So here’s the deal. As a result of this set of posts, I have had a number of people ask me – either in the comment section or via email – if I thought that Luke 1-2 was in fact NOT part of the original version of the Gospel of Luke, but was added on after a version of Luke had originally been published, a version that *began* with what is now chapter 3 (since Jesus becomes the son of God at his baptism, it seems, given what the voice says in 3:22 – so why have a virgin birth narrative?). I’m going to answer that question below, briefly, in the rest of this post. But here’s my question to all of you. As it turns out, I have posted on that question before, in December (Dec. 22 and 23). But a lot of members were not members then. And, frankly, until I looked, I hadn’t (clearly) remembered that I had posted on it. But I had.
And so, in cases like this, what is best for me to do for the greatest number of readers? Should I simply not post on it again and let the matter go, assuming that people can look up the old post if they want to? Should I refer readers to the old post as soon as I find it? Should I assume that many readers will not have read the post and post on virtually (not exactly) the same topic in different words, and possibly a different approach, from the first one? Or something else? Let me know what you think.
But for now, let me say a few words (again, it looks like) on what I take to be the original version of Luke. The first think I want to stress is that the *reason* we need hard-hitting scholarship such as the previous set of posts (and lots more like it on similar topics), is because it is only by dealing with the difficult issues at a deep level is it possible to draw historical and literary conclusions that are intellectually satisfying and ultimately persuasive (I’m not saying I’ll be providing a lot of posts like that. I won’t be – just on rare occasions). If I simply indicated that scholars have good reasons to think that the voice at Jesus’ baptism in Luke originally said “You are my son, today I have begotten you,” there would be very little indeed to make someone convinced. It is only by doing the hard work of scholarship that a convincing cumulative argument can be made, and only then can conclusions be drawn. This is another way of saying that scholars aren’t just guessing when they draw their historical and literary conclusions.
The question of how an original version of Luke began hinges on lots of little pieces of scholarship of that sort (scholarship that I will *not* be providing here on the blog! So don’t worry!). It includes a careful analysis of the language of Luke 1-2, which shows that the writing style seems to differ from the rest of the Gospel; an assessment of the relationship of that portion of Luke to the Septuagint (the Greek OT) in comparison with the rest of the Gospel of Luke (these two chapters appear much more Septuagintal in character); and especially an assessment of a range of literary features of chs. 1-2 in relationship to ch. 3. Here there are several important points that scholars have made:
- The beginning of ch. 3 reads like the *beginning* of a narrative, not the continuation of a narrative.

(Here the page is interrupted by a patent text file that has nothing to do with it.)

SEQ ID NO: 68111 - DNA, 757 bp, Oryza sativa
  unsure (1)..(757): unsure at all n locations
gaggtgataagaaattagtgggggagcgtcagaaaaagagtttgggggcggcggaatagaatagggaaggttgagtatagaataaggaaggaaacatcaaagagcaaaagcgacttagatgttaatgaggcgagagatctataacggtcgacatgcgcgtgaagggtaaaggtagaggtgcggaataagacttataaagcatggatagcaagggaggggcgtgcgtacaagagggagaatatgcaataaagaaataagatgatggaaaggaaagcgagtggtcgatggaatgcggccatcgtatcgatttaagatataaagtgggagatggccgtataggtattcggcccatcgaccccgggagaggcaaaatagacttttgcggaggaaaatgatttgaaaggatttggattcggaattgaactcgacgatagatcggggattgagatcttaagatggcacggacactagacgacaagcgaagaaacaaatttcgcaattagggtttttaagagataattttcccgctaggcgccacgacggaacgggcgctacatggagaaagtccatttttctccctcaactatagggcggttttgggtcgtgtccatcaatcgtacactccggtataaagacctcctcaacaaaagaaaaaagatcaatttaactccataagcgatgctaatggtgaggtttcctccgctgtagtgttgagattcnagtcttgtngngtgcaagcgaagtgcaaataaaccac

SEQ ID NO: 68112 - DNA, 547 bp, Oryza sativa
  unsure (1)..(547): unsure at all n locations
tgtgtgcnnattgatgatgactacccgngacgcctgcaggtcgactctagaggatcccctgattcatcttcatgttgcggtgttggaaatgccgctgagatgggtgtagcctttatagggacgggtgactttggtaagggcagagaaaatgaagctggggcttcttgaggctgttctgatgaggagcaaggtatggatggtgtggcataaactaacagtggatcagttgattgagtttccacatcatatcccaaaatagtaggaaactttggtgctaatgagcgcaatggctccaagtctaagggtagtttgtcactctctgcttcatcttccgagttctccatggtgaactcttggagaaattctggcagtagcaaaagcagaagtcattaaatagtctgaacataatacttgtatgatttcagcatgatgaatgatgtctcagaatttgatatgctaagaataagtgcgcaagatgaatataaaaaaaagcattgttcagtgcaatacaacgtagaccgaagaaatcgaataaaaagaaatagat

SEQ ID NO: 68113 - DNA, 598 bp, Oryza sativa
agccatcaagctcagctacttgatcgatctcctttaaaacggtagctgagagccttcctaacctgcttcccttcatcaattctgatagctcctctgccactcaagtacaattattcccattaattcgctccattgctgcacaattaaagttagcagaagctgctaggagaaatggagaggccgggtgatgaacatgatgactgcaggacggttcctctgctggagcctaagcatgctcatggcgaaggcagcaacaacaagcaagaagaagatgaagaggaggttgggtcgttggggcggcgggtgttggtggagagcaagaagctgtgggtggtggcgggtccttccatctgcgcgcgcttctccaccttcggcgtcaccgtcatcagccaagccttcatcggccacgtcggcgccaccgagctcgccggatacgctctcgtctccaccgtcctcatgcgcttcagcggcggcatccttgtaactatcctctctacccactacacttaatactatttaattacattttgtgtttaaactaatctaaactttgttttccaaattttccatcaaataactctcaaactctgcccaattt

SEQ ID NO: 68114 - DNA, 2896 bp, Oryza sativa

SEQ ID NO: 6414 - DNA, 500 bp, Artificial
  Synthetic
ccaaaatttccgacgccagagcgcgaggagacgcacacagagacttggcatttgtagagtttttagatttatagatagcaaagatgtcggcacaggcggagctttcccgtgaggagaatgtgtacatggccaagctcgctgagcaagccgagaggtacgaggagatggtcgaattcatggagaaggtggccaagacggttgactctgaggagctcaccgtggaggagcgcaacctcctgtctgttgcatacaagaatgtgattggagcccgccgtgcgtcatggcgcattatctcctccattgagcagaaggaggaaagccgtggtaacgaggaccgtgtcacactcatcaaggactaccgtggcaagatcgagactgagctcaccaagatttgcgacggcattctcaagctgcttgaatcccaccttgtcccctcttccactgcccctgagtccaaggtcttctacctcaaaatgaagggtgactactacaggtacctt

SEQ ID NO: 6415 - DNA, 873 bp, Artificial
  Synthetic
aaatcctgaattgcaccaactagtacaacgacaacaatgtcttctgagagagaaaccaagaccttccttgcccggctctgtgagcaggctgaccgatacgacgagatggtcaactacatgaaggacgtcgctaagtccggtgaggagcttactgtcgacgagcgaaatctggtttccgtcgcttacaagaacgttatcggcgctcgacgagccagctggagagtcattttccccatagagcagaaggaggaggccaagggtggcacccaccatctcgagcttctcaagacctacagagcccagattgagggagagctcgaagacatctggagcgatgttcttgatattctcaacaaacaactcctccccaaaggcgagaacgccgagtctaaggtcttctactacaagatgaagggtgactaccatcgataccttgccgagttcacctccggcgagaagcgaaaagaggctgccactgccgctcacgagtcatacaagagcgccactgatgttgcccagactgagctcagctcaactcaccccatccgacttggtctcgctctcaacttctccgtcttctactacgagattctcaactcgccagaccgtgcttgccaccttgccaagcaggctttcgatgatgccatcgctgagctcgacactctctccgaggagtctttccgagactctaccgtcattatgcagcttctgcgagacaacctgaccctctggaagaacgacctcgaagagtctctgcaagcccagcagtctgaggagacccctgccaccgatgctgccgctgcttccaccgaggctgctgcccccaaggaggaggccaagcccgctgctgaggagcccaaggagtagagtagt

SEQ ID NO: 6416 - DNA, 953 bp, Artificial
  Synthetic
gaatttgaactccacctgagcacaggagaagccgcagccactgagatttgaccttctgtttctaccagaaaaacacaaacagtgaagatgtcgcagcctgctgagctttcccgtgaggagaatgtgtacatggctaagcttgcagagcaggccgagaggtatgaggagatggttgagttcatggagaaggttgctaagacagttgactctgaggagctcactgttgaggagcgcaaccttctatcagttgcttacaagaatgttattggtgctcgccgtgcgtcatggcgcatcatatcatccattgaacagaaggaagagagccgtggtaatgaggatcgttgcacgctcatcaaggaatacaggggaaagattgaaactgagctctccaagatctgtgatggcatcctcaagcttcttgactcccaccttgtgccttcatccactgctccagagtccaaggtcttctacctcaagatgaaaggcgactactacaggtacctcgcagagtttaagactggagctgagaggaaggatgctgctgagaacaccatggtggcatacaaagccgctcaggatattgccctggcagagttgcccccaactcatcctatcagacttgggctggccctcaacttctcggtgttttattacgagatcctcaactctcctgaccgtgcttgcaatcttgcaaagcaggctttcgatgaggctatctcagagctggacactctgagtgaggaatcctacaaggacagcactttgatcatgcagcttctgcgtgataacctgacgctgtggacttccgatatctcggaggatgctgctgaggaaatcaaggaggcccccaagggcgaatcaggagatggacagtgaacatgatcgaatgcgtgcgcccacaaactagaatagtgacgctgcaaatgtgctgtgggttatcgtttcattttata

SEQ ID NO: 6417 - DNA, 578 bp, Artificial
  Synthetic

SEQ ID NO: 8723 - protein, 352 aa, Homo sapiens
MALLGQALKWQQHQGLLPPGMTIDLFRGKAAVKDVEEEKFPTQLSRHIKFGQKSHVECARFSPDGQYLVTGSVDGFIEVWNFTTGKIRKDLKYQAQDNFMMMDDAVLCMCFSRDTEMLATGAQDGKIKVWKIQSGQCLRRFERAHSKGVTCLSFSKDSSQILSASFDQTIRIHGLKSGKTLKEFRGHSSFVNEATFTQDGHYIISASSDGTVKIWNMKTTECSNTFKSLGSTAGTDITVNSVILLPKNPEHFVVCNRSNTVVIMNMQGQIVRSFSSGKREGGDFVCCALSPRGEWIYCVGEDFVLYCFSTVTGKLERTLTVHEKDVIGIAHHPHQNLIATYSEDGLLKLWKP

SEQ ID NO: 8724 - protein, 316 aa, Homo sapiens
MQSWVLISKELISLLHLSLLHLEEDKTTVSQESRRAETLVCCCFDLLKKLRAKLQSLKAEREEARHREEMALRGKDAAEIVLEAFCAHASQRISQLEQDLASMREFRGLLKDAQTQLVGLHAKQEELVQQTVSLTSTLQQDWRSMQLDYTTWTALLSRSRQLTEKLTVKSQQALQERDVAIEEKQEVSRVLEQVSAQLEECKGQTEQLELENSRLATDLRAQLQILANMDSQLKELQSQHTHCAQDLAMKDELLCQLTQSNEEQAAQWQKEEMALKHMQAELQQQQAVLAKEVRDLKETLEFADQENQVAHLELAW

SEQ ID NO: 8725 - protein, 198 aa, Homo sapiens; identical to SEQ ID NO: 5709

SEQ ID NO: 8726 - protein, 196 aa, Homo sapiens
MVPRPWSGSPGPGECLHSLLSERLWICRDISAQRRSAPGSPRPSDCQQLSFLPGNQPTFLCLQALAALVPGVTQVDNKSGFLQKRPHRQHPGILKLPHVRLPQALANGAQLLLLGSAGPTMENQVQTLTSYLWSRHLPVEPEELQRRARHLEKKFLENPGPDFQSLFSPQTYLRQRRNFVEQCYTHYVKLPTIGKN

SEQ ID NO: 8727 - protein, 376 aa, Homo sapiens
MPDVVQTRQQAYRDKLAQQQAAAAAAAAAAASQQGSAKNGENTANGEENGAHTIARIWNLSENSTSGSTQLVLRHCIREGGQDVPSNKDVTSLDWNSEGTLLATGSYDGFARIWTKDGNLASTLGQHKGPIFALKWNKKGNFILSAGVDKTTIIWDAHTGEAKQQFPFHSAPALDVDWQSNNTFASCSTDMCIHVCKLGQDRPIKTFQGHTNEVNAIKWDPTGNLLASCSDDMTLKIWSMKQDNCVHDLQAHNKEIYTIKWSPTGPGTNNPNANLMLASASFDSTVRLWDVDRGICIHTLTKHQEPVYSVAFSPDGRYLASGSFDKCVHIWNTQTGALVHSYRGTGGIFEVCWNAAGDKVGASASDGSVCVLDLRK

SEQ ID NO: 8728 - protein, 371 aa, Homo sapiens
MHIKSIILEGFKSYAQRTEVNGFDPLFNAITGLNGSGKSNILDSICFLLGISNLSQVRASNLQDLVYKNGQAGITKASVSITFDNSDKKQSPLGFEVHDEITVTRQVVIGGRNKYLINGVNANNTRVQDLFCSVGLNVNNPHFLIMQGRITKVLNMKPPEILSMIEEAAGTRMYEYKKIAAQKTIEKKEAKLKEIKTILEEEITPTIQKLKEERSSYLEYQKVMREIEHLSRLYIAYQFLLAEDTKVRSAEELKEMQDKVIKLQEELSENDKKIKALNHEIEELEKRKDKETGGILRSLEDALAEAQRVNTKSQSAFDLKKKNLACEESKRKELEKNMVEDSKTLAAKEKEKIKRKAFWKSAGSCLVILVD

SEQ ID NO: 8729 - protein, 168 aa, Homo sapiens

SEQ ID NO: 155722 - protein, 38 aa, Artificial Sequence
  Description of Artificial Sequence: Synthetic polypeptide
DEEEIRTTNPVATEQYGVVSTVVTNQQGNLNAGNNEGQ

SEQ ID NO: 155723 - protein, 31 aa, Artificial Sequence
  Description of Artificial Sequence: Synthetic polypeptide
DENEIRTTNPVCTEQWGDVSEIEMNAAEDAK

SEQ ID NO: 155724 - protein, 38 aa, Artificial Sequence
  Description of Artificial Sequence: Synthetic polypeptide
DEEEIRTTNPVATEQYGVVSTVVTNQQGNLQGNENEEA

- The beginning of ch. 3 is the same, in substance, as the beginning of the source of Luke’s Gospel, Mark (they both begin with Jesus being baptized).
- Some of the central themes of chs. 1-2 are never referred to elsewhere in either the rest of the Gospel or the book of Acts (e.g., Jesus having come from Bethlehem; his mother being a virgin), even though lots of other themes from early chapters (e..g, the baptism by John) *are* referred to later.
- The voice at the baptism (“today I have begotten you” as “my son”) does not seem to make sense given the narrative of chs. 1-2 (where, according to 1:35, Jesus is the son of God because God made his mother pregnant)
- The genealogy that is given in ch. 3 doesn’t make sense if the Gospel already had chs. 1-2. The genealogy is given *after* the baptism. But the natural place for a genealogy is at the point in which a person is *born* (since the genealogy traces the bloodline up to the time of birth), not at the point of baptism (as a 30 year old!). Without chs. 1-2, however, the genealogy makes sense at the baptism, since it is at the baptism that Jesus is made the son of God according to the voice from heaven, and so immediately afterward the genealogy is given, in which Jesus’ family line is traced not only to Adam (so that he is the son of Adam) but from Adam to God (so that he is the son of God).
All of these factors contribute to a scholarly view (I don’t know if it’s a majority view; I somewhat doubt it. But I think it *should* be, since the evidence strikes me as being so significantly in favor of it) that there was a first edition of Luke that began with what is now chapter 3. If that is right, then what is now 1:1-4 would still have begun the Gospel, but the narrative would then have moved directly from 1:4 to what is now 3:1.
That would make sense of one other historical datum: one of our earliest witnesses to the Gospel of Luke is the “arch-heretic” Marcion, who notoriously “edited” his Gospel of Luke so that it did not have chs. 1-2 (since Marcion did not think that Jesus was born of a virgin, or born at all, but that he appeared as an adult at the beginning of his ministry). But what if Marcion didn’t “edit” the two chapters by getting rid of them? What if he knew a version of Luke that simply did not yet have them? That would change how we evaluate Marcion’s “editorial” approach to the Gospel.
Now that I’ve written up these various lines of thought, I return to my initial set of questions to readers of the blog, and say that in my opinion, the best option is for me not to worry if I posted on this topic eight months ago, or a year ago, or a year and a half ago, but simply to do so again if there is something worth talking about. But I’m open to all your opinions on the matter.